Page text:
When the Rangers lost the first three games of the season, it was expected. The only expectation for the Rangers this season is that there are none. It’s an 82-game tryout for the organization to determine who will be part of the team in 2019-20 and beyond, all while Henrik Lundqvist wilts away like the rose in the glass case in Beauty and the Beast waiting for a surrounding team of contender-worthy players that’s never going to show up to save his career.
In those first three losses, the Rangers lost a one-goal game to Nashville, a team that could very well win it all this season. Then they lost in Buffalo, scoring just once against a Sabres team that is improved, but nowhere near a team that goals should be hard to come by against. Then the next night, they scored five goals against Carolina to prove they do have some scoring ability. Except they gave up eight in Lundqvist’s first night off of the season.
I didn’t care the Rangers were 0-3, pointless and sitting at the bottom of the Eastern Conference in the first week of the season. Losses and a lot of them should be expected this season as players with little to no NHL experience gain just that and the Rangers improve their chances at landing Jack Hughes or another franchise players next June.
After those three very different losses, the Rangers beat the Sharks, a Cup favorite, in overtime at the Garden, lost a tough one to Oilers on a late Connor McDavid goal, beat the Avalanche — a playoff team last spring — in a shootout and took the defending champions to overtime on the road on the second night of a back-to-back. The Rangers picked up five of a possible eight points against some very good competition over seven days, but more importantly, they proved they will be fun to watch this season.
I’m sure that fun will fade away as we near the trade deadline and the team is closer to the bottom of the conference than they are to the playoff bubble, and I’m sure it will fade even more when they move some of the only remaining tradable assets they have left following last season’s firesale. But until, I expect Rangers games to be enjoyable as each win feels like a major accomplishment and each game feels like a playoff game since this team has absolutely no margin for error and can’t afford the kind of losing streak they endured to open the season if they want to shock the hockey world.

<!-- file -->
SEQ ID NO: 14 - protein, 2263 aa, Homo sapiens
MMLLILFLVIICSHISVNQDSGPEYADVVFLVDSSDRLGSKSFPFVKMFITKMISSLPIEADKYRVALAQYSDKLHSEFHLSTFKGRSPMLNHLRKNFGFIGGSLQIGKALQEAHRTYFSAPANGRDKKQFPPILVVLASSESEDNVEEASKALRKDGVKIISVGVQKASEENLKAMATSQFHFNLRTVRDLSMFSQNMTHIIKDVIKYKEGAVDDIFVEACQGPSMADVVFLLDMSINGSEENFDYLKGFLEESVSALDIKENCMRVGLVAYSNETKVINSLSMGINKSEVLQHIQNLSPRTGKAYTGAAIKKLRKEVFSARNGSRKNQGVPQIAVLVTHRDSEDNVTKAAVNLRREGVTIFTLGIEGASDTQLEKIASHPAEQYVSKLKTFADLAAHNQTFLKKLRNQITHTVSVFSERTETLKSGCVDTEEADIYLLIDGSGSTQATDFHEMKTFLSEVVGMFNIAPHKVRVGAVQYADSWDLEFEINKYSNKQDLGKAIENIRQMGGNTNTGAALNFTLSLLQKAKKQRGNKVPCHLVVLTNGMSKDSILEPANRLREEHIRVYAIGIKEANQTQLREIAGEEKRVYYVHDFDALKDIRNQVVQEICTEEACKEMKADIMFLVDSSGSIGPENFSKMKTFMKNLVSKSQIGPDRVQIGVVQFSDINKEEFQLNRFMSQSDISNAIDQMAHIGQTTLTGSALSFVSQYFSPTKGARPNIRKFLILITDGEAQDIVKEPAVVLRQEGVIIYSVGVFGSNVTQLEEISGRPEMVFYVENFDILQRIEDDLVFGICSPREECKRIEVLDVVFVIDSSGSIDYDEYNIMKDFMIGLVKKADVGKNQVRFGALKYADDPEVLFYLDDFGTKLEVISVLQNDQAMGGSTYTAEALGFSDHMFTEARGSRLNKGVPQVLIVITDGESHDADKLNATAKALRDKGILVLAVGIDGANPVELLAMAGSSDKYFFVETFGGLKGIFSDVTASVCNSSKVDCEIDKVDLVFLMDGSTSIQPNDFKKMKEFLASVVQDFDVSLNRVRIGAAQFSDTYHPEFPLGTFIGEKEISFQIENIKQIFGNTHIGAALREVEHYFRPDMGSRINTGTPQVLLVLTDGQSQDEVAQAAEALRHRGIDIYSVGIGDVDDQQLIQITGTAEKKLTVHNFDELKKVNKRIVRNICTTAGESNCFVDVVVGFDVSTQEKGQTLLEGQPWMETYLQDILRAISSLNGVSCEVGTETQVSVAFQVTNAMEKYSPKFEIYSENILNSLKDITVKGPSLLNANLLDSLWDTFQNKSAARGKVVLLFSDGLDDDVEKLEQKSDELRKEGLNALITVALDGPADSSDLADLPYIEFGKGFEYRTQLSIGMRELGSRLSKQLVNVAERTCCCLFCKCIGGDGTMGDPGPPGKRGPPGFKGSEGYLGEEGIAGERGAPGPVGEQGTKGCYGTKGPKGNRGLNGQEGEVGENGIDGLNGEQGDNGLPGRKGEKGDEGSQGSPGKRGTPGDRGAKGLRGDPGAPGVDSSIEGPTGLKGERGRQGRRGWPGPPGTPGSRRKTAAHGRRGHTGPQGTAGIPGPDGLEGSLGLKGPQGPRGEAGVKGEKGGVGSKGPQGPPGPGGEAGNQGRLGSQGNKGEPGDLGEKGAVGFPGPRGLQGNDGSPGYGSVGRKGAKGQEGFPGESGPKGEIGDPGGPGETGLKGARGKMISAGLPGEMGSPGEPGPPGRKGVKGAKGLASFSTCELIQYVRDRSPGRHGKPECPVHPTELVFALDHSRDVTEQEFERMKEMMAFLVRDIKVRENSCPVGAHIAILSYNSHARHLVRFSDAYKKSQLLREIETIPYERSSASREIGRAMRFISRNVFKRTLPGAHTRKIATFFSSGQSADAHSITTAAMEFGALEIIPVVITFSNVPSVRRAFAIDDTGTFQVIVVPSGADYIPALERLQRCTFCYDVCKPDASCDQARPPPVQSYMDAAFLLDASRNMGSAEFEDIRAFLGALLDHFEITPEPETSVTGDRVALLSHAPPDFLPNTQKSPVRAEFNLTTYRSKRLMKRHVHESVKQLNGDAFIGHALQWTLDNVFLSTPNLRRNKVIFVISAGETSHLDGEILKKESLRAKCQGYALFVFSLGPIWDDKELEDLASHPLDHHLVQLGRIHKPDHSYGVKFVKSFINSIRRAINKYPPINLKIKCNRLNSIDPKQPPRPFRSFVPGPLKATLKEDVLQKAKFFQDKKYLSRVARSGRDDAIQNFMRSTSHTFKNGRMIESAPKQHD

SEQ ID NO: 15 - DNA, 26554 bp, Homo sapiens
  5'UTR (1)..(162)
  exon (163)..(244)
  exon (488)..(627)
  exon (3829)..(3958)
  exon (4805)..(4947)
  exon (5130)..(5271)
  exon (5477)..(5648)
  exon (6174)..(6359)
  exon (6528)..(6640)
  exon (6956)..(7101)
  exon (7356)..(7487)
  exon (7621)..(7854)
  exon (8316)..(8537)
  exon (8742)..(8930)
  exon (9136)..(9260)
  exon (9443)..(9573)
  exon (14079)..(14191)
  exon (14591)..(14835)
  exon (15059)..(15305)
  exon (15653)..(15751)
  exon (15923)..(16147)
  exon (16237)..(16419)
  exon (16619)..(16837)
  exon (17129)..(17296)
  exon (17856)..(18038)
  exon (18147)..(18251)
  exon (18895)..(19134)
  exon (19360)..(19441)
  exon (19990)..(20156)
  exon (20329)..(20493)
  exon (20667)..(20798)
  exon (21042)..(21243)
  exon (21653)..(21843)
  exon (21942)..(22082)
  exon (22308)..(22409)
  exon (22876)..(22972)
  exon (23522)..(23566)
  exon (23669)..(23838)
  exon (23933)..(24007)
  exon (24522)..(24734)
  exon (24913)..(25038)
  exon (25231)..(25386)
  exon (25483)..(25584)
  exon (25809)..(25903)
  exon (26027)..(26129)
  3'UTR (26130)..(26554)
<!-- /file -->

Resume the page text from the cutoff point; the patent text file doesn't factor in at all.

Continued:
The problem is the best-case scenario for the Rangers would be to miraculously sneak into the postseason as a bottom seed or just miss the playoffs. In reality, that’s actually a worst-case scenario. Every point the Rangers accumulate is detrimental to their goal of rebuilding and getting to pick at the top or near the top of the 2019 draft. This team isn’t supposed to win. It’s not that the players aren’t trying to do so, it’s that they’re not supposed to. This is supposed to be a complete rebuild and any winning creates an obstacle to that goal.
The biggest obstacle for the Rangers is in their own net. Lundqvist won’t settle for anything other than greatness and every night he’s in goal, the Rangers have a real chance to win, especially with the way he has played early on. As long as Lundqvist tries to single-handedly will this young and inexperienced group to wins, the rebuild is in trouble and the dream of landing a potential superstar in June slowly deteriorates.
Unfortunately, for Lundqvist, his best won’t be enough to keep these Rangers relevant through the winter and into the spring. For as fun as the last week was, the Rangers are still only 2-4-1 with a minus-6 goal differential and haven’t won a game in regulation.
The expectations haven’t changed with the Rangers and that is that there aren’t. But win or lose, for the time being, these Rangers are fun to watch.